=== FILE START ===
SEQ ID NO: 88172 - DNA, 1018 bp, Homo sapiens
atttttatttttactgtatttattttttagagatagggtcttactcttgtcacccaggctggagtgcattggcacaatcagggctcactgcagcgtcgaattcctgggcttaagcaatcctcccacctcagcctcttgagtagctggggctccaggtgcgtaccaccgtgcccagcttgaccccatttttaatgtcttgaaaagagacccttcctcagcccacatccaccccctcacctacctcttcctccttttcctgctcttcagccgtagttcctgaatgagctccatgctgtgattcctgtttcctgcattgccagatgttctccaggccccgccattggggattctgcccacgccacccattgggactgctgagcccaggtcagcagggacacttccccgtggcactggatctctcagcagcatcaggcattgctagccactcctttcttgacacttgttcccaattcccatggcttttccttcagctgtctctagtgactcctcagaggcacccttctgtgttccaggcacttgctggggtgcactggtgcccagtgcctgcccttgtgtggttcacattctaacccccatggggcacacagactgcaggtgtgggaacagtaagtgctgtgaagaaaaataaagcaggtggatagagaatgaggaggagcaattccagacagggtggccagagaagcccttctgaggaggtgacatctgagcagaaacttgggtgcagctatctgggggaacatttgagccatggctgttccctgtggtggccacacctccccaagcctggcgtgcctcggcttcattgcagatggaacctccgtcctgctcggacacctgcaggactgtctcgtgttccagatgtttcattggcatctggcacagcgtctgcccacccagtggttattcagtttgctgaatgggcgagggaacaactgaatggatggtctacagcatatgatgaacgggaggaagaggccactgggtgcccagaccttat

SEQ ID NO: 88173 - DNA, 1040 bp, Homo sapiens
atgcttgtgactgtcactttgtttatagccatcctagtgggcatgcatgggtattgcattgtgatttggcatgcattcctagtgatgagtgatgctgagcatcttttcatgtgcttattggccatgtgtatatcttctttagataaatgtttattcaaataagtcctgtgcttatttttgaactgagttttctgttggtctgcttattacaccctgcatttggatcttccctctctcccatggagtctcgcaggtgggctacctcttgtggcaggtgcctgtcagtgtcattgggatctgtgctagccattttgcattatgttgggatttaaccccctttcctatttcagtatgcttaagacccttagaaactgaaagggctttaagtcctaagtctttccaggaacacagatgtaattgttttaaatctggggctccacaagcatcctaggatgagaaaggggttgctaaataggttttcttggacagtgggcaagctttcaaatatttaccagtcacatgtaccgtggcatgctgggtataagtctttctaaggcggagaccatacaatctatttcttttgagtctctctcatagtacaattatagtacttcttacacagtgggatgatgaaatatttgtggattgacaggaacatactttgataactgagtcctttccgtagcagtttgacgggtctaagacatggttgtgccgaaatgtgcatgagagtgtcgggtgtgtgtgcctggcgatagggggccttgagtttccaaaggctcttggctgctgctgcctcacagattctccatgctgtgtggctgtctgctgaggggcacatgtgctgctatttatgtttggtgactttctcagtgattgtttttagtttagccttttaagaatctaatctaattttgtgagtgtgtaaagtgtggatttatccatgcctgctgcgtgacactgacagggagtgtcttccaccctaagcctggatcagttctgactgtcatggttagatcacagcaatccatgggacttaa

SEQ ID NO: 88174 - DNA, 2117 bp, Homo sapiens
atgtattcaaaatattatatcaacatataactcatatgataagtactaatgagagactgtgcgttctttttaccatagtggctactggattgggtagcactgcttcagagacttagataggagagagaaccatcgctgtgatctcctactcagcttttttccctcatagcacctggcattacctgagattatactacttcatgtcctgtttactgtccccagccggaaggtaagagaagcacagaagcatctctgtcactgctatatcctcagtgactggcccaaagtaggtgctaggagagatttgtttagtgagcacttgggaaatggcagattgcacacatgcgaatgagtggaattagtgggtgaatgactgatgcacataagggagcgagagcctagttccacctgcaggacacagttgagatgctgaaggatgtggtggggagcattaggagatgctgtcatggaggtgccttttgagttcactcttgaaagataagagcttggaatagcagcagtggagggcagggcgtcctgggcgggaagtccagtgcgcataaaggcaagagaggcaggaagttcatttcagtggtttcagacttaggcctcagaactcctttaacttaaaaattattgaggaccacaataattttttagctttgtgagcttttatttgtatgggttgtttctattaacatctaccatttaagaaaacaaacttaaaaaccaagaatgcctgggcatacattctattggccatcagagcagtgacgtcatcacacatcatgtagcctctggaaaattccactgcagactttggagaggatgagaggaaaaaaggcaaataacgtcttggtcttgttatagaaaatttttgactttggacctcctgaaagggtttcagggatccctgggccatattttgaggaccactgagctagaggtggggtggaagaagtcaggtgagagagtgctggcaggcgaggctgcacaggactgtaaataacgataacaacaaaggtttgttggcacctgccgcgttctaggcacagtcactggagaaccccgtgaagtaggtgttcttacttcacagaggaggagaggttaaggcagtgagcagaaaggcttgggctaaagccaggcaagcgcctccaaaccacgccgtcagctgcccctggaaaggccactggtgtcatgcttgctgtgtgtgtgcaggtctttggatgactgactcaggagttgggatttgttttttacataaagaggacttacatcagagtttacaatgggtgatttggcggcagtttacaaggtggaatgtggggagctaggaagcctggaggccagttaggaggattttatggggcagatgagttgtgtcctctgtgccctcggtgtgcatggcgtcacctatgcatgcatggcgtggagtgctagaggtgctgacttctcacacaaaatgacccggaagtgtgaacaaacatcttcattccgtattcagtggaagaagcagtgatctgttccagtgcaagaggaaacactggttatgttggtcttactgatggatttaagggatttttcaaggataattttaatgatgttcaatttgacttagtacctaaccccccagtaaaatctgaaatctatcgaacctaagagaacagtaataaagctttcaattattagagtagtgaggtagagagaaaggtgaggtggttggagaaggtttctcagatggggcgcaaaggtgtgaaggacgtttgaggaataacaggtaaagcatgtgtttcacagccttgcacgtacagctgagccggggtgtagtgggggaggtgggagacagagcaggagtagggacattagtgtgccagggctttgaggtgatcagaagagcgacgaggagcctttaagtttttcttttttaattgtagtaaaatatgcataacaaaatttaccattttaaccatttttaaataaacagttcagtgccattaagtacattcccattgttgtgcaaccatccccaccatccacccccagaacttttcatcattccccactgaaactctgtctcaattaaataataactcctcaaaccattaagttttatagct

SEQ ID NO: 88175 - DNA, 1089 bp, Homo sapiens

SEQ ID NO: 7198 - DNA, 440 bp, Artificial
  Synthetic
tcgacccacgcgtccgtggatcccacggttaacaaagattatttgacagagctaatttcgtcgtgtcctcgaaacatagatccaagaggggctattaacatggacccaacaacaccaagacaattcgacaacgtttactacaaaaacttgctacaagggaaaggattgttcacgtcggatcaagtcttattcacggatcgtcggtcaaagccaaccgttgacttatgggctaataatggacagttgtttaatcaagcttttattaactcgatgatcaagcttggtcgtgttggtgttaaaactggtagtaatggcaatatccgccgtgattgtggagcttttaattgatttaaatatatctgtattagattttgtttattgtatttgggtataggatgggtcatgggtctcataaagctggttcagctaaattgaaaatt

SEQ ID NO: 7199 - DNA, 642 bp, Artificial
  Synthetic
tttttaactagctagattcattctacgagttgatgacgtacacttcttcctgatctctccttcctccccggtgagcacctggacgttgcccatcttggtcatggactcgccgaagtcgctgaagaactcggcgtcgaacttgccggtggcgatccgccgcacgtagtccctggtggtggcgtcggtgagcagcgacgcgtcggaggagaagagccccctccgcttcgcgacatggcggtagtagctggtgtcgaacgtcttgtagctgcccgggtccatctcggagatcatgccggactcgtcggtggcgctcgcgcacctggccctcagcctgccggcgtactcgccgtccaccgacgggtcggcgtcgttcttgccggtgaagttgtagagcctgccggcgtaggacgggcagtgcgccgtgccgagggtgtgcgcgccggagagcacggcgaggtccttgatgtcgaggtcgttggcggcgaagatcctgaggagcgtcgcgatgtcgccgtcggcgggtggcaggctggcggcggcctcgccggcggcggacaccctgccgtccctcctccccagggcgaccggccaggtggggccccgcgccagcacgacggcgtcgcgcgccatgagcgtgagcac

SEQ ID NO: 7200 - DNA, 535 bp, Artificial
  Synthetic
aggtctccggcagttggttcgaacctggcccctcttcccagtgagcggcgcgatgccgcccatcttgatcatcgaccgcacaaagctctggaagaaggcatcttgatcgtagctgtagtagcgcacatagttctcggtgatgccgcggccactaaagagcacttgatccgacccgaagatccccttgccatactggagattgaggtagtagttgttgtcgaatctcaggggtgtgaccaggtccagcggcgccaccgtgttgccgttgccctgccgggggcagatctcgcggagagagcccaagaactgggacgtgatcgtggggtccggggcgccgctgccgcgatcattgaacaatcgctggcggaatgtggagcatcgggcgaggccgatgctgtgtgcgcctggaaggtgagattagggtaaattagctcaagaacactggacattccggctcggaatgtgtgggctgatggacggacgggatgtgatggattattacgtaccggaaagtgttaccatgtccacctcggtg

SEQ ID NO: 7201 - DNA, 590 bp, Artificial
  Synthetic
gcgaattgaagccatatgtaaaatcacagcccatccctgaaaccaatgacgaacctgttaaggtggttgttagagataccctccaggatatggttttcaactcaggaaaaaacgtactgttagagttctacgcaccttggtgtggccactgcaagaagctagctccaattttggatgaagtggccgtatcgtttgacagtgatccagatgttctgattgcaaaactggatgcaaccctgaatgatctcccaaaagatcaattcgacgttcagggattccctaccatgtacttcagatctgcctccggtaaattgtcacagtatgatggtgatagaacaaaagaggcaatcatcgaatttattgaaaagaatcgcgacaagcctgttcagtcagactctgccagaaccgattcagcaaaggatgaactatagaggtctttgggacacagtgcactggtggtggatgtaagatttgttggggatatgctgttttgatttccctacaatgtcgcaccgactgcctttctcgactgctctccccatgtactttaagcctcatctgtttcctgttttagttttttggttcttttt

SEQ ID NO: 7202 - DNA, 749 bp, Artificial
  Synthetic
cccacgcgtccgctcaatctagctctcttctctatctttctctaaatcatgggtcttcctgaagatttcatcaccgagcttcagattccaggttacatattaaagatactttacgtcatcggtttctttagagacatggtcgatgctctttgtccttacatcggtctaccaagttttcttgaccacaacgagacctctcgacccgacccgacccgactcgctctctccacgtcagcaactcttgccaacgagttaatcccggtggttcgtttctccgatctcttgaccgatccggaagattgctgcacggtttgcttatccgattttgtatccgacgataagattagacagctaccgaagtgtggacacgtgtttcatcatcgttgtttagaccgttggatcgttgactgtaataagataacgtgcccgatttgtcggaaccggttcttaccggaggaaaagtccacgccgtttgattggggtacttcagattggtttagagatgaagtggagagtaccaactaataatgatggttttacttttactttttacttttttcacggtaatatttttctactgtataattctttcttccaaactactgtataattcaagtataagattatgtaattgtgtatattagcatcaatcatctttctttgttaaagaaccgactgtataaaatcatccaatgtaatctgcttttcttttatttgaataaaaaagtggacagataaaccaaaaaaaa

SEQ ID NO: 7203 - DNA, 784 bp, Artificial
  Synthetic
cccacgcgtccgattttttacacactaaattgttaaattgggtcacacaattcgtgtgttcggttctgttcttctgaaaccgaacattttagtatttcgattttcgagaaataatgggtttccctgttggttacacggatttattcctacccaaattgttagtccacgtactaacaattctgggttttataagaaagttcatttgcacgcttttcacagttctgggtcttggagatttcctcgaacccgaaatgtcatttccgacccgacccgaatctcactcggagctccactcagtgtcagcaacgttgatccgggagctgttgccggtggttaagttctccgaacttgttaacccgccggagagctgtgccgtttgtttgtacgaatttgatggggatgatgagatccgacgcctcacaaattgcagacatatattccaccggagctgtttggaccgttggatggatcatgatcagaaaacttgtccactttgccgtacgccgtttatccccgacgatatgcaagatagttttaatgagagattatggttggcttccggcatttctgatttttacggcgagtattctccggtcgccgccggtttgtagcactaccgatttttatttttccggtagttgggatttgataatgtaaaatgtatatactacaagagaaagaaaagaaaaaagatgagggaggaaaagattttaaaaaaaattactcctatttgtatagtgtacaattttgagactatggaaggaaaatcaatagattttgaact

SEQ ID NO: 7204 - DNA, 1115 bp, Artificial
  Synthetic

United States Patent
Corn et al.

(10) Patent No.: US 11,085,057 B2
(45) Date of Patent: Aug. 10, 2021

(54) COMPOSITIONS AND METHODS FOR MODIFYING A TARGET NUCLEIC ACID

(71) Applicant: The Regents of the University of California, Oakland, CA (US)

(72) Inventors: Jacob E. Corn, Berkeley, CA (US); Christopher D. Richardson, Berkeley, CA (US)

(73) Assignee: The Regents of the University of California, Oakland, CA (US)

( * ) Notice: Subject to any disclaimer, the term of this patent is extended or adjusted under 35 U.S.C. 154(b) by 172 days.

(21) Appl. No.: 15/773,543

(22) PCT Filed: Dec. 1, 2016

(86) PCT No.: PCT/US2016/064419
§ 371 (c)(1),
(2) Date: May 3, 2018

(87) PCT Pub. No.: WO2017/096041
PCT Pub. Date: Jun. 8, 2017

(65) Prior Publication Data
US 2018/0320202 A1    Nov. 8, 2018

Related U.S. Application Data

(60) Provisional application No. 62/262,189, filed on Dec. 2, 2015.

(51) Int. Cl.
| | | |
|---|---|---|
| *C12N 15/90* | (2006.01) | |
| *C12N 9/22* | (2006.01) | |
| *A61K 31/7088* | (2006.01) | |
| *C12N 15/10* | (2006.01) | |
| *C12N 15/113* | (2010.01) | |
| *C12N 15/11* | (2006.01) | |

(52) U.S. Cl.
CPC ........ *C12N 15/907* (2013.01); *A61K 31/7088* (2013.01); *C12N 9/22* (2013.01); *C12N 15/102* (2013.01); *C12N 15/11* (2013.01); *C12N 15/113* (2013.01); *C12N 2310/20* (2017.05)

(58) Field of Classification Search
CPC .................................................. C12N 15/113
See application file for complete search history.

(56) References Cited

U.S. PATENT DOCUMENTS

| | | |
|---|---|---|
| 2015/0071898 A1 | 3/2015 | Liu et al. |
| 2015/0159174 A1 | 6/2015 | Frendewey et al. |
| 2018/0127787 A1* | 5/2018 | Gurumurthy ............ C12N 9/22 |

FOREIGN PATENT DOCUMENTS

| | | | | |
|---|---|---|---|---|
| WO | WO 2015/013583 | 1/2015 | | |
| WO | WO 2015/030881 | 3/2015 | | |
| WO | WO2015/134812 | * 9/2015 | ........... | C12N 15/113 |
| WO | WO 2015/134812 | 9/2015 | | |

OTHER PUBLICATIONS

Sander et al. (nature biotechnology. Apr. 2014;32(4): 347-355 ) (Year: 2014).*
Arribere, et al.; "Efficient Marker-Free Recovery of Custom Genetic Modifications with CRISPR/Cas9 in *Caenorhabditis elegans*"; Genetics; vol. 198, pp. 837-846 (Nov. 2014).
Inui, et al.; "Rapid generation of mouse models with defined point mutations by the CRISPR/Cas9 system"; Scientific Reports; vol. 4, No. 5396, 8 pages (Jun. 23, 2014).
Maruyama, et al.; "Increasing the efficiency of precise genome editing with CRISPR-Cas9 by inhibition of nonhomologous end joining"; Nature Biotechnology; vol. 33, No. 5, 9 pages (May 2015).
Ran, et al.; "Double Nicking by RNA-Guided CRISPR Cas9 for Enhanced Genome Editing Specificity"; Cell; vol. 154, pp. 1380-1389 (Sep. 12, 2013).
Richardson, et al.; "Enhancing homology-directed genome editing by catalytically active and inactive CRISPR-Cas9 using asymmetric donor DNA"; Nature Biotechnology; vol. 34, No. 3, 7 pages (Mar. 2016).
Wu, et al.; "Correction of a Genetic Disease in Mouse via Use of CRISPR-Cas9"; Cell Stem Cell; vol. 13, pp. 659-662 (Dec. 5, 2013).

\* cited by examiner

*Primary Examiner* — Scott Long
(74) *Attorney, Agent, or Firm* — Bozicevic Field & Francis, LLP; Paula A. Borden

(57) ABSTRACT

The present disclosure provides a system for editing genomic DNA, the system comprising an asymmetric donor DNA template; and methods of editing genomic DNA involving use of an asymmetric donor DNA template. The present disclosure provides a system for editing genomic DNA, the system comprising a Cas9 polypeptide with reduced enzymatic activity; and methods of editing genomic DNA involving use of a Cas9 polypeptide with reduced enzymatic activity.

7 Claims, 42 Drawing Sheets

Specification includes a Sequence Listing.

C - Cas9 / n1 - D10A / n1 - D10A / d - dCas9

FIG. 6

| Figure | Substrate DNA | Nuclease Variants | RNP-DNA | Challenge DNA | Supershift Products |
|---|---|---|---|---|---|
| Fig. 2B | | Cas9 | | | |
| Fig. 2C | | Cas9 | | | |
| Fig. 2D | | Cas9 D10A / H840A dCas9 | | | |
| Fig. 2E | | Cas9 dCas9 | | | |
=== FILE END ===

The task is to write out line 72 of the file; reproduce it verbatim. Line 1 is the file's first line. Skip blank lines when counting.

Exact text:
| WO | WO 2015/013583 | 1/2015 | | |